Introduction to Ansible Transcripts
Chapter: Development Environment Configuration
Lecture: Configuring Ansible on Ubuntu

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0:00 Whether you're running Ubuntu Linux
0:01 as your base operating system
0:03 or your virtualizing it on top of Windows or Mac OS.
0:06 Ubuntu Linux provides a great environment
0:08 to control Ansible.
0:09 Let's first get Ansible installed, test it out
0:11 and then in the next video we'll create an SSH key
0:13 that we'll use for the remainder of the course.
0:16 I strongly recommend that you use
0:18 the latest version of Ubuntu
0:19 which is currently 18.04 LTS as Bionic Beaver.
0:23 This release will be supported for the next five years
0:26 and it comes with Python 3 pre-installed.
0:28 So we can even skip a step
0:30 because we will need Python installed on the system
0:32 in which we are going to control Ansible.
0:34 Although Python 3 is`pre-installed
0:36 we do need to install the venv package
0:39 so that we can work with virtual environments.
0:41 There's two ways we could install Ansible on the system.
0:44 We can install it site-wide
0:45 or we can use a virtual environment
0:47 which is what I tend to prefer
0:48 and what we're going to use in this video.
0:50 But before we can use a virtual environment
0:51 also known as a virtualenv.
0:52 We need to install the python3-venv package.
1:02 Select 'Yes' that you want to continue.
1:05 Then depending on the speed of your internet connection
1:07 it should quickly install the package.
1:08 We can test out that everything worked
1:10 by typing 'python3 -m venv'.
1:13 Let's create a directory to store our virtual envs.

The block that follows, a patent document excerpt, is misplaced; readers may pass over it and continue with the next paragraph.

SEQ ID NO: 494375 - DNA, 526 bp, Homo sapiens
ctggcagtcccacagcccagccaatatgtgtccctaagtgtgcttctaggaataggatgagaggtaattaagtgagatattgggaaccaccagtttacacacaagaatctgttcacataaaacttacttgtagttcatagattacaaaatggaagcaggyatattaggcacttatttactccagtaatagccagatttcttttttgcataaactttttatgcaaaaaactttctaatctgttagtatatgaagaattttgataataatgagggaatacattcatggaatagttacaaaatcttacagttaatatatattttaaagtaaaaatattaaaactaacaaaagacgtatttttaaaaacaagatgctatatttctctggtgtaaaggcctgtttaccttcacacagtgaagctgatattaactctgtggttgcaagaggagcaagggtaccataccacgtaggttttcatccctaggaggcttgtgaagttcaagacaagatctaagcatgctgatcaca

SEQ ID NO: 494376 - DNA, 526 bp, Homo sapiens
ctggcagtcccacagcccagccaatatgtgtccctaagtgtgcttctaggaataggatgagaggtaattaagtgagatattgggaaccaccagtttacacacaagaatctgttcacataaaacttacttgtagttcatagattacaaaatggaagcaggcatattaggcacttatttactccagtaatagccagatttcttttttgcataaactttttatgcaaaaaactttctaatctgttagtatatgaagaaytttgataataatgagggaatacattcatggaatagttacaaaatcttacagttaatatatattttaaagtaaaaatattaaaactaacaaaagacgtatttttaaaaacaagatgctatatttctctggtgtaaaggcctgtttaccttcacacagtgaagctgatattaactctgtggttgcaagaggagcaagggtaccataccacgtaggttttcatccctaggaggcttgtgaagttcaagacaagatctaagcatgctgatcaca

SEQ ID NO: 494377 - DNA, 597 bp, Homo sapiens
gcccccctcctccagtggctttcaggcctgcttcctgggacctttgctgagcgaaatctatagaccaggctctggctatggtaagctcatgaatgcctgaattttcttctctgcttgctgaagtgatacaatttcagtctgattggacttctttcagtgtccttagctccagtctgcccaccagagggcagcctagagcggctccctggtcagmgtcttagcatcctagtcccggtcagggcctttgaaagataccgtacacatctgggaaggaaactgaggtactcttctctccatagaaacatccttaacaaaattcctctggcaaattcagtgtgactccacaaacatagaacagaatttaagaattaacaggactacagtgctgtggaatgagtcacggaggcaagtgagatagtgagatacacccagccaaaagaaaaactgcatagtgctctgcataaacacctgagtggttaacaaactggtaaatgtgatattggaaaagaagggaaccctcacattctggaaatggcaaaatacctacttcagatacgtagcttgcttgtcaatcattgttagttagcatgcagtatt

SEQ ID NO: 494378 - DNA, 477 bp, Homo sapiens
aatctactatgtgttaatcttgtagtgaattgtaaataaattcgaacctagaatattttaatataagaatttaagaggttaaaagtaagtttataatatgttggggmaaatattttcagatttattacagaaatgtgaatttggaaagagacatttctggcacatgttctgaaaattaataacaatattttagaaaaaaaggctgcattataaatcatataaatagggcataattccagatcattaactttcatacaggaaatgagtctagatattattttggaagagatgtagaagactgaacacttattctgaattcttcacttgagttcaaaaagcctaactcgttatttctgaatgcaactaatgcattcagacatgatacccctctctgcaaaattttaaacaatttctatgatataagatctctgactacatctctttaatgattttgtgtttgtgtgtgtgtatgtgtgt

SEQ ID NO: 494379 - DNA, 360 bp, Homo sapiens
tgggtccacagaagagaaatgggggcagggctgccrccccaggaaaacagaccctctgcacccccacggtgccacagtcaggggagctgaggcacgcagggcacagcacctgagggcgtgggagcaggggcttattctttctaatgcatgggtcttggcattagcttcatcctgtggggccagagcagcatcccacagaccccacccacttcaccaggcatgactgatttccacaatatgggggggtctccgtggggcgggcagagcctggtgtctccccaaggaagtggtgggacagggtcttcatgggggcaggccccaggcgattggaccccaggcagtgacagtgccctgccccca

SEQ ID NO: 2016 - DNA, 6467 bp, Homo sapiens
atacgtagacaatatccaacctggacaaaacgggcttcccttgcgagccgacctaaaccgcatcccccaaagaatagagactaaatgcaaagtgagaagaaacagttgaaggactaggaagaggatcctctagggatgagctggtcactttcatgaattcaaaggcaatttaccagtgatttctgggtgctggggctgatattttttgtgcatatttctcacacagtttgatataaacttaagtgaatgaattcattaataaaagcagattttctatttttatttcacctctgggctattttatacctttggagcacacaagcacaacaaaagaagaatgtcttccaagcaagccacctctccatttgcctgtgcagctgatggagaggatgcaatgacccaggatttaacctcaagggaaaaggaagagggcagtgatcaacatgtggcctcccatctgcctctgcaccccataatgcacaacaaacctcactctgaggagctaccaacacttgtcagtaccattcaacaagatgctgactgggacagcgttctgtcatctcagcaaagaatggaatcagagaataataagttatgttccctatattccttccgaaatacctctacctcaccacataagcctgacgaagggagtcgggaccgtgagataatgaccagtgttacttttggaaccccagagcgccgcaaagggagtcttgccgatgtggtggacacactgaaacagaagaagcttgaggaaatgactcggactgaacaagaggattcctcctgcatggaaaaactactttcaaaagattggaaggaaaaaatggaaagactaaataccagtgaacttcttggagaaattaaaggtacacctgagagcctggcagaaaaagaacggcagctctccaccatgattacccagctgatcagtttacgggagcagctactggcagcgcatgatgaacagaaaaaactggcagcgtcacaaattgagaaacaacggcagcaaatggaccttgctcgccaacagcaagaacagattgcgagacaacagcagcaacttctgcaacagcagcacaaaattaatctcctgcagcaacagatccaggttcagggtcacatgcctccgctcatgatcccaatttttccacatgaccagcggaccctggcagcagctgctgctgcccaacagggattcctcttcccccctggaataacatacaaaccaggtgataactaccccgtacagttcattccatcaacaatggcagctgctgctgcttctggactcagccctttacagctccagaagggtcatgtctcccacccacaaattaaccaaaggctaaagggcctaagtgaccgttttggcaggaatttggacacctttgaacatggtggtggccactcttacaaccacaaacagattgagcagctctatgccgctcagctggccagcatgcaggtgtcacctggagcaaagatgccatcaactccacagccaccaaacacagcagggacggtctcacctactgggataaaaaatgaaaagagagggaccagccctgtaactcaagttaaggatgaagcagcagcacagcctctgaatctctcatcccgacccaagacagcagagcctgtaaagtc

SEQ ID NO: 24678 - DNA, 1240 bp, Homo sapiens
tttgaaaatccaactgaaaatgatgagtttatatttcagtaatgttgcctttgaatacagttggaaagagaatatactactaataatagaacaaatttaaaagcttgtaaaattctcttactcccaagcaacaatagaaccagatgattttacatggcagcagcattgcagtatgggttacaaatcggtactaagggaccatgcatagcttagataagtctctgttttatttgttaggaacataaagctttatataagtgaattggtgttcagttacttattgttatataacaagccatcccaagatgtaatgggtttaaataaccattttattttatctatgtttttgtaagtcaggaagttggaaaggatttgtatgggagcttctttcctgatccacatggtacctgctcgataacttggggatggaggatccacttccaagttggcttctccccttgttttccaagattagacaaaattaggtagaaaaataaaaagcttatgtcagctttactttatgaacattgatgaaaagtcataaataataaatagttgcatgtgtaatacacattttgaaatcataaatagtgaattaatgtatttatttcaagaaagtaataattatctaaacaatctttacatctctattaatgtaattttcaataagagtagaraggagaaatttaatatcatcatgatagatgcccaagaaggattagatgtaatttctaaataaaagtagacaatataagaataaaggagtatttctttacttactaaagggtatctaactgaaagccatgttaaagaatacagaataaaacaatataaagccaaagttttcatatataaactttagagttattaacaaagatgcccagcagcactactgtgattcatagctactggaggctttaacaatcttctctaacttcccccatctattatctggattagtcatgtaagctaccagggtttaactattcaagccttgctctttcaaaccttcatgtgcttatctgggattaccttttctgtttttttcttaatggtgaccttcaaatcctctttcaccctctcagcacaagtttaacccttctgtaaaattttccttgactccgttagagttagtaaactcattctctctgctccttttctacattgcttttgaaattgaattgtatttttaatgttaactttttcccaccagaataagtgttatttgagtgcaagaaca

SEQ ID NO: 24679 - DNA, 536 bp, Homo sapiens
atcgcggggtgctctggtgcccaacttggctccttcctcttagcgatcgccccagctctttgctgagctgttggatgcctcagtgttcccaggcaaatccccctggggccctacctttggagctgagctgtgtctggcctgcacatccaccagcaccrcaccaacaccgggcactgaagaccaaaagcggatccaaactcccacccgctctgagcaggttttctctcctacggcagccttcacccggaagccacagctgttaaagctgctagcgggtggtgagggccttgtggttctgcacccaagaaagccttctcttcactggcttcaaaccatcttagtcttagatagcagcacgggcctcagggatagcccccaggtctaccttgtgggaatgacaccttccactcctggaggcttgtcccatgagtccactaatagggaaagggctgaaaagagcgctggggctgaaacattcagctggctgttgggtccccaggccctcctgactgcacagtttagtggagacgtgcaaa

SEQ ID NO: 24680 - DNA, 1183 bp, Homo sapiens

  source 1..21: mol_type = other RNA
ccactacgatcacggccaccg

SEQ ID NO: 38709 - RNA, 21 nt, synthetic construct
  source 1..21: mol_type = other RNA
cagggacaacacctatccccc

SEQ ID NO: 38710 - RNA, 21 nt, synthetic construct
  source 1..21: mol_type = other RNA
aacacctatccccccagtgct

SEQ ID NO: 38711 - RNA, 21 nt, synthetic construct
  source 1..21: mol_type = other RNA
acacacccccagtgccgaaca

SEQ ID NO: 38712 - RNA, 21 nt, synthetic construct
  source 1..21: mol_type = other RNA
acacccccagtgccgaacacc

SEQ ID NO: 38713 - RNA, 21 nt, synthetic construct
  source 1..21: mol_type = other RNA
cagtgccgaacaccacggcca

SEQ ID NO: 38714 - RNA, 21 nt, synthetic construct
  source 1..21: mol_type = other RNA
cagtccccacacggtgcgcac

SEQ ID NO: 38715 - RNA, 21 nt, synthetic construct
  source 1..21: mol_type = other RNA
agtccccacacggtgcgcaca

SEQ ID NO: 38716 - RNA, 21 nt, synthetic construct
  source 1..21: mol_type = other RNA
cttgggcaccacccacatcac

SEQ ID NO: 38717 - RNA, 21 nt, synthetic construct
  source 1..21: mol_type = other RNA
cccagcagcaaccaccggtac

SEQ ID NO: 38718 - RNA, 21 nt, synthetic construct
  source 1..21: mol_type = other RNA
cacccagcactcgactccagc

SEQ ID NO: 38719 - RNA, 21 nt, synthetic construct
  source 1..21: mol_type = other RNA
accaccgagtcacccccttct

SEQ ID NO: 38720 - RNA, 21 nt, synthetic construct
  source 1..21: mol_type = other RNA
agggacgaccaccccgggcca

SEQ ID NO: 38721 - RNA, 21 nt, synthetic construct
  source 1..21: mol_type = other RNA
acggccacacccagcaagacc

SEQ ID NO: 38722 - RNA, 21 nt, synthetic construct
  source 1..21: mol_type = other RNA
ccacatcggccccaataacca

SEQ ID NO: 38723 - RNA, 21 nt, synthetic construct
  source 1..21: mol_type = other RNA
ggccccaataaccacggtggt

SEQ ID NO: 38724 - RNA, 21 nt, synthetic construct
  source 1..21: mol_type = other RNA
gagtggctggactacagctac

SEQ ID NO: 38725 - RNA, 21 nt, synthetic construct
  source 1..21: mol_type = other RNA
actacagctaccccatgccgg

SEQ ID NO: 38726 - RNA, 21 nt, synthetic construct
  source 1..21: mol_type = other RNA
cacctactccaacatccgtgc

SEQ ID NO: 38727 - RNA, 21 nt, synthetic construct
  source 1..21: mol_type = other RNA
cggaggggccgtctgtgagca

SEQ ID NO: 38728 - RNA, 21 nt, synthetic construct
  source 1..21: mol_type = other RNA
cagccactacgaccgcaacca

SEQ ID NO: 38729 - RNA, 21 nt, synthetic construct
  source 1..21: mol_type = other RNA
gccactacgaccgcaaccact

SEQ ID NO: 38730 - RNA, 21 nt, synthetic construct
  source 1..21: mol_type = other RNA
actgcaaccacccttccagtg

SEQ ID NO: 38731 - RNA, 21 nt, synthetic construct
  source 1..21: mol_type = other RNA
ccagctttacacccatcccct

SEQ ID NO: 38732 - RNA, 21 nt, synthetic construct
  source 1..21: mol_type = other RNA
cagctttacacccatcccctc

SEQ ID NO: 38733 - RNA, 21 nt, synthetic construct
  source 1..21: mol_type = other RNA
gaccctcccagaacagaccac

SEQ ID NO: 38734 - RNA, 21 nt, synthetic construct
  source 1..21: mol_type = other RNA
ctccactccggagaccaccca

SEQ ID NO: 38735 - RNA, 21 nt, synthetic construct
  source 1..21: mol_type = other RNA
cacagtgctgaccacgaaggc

1:17 Go into it.
1:19 Then use our new venv package installation
1:22 to create a virtual env called 'intro-ansible'.
1:25 Then we can activate it.
1:27 That'd be source intro-ansible/bin/activate.
1:30 Now we can see here by the change in our command prompt
1:33 that we're in the virtual env and it's been activated
1:35 as our current python installation.
1:37 We no longer need superuser privileges
1:39 in order to install the python package.
1:41 I always prefer to run with the least amount of privileges
1:44 on Linux when possible.
1:46 Just remember whenever you open a new term on a window
1:48 you will have to run source intro-ansible/bin/activate
1:51 in order to re-activate the virtual env.
1:53 Now we can use the pip command
1:55 to install the latest version of Ansible.
2:06 If you haven't installed any other dependencies on Ubuntu
2:09 you may see some errors about failing to build wheels
2:11 for the Ansible dependencies.
2:13 That shouldn't affect our ability to use Ansible.
2:15 But if it bothers you, there are a few development packages
2:18 that you can install to get rid of that.
2:19 For now as long as you see 'successfully installed'
2:22 and then the list of packages including Ansible
2:24 we're good to go.
2:25 Let's test it out though to make sure
2:26 that it's properly installed.
2:27 We'll run our first Ansible ad-hoc command.
2:31 So type 'ansible'.
2:33 Then we're just going to have placeholder for localhost.
2:35 It's not actually going to use localhost
2:37 it's going to fall back to localhost
2:39 when we try to run this ad-hoc command.
2:40 -a for an ad-hoc command.
2:43 We're going to run echo and just say something like 'hi'.
2:48 for 'hello world'.
2:49 Make sure to have the single quotes around 'hello world'
2:52 and then double quotes to end the ad-hoc command.
2:55 We can test this out and we should see
2:57 success and 'hello world'.
2:59 What this has done is it executed via Ansible
3:02 the echo command on our localhost machine
3:04 as an ad-hoc command.
3:06 This tells us Ansible is working
3:08 and we'll be able to start creating our playbooks
3:09 as soon as we create our SSH key.